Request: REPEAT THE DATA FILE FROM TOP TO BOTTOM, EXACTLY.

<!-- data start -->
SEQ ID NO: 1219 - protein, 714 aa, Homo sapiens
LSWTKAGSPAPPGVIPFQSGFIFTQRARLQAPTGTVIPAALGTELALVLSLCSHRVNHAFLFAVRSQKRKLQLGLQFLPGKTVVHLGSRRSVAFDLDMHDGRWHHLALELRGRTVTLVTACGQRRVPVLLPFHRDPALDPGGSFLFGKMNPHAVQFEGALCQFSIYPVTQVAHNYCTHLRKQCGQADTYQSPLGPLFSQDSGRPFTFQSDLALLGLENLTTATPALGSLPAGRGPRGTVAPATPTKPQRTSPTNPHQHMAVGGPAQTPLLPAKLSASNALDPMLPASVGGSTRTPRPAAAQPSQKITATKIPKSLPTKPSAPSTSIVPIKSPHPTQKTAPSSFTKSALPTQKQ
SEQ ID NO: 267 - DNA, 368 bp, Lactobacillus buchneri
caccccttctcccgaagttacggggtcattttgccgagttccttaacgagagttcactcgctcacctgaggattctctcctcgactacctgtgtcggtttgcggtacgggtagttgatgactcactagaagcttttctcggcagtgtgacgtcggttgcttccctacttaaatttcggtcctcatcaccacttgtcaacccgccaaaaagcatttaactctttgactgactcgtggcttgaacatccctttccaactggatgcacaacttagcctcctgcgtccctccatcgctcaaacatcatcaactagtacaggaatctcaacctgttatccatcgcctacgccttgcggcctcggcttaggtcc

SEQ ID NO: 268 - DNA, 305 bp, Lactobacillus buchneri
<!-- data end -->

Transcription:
SEQ ID NO: 1219 - protein, 714 aa, Homo sapiens
LSWTKAGSPAPPGVIPFQSGFIFTQRARLQAPTGTVIPAALGTELALVLSLCSHRVNHAFLFAVRSQKRKLQLGLQFLPGKTVVHLGSRRSVAFDLDMHDGRWHHLALELRGRTVTLVTACGQRRVPVLLPFHRDPALDPGGSFLFGKMNPHAVQFEGALCQFSIYPVTQVAHNYCTHLRKQCGQADTYQSPLGPLFSQDSGRPFTFQSDLALLGLENLTTATPALGSLPAGRGPRGTVAPATPTKPQRTSPTNPHQHMAVGGPAQTPLLPAKLSASNALDPMLPASVGGSTRTPRPAAAQPSQKITATKIPKSLPTKPSAPSTSIVPIKSPHPTQKTAPSSFTKSALPTQKQ
SEQ ID NO: 267 - DNA, 368 bp, Lactobacillus buchneri
caccccttctcccgaagttacggggtcattttgccgagttccttaacgagagttcactcgctcacctgaggattctctcctcgactacctgtgtcggtttgcggtacgggtagttgatgactcactagaagcttttctcggcagtgtgacgtcggttgcttccctacttaaatttcggtcctcatcaccacttgtcaacccgccaaaaagcatttaactctttgactgactcgtggcttgaacatccctttccaactggatgcacaacttagcctcctgcgtccctccatcgctcaaacatcatcaactagtacaggaatctcaacctgttatccatcgcctacgccttgcggcctcggcttaggtcc

SEQ ID NO: 268 - DNA, 305 bp, Lactobacillus buchneri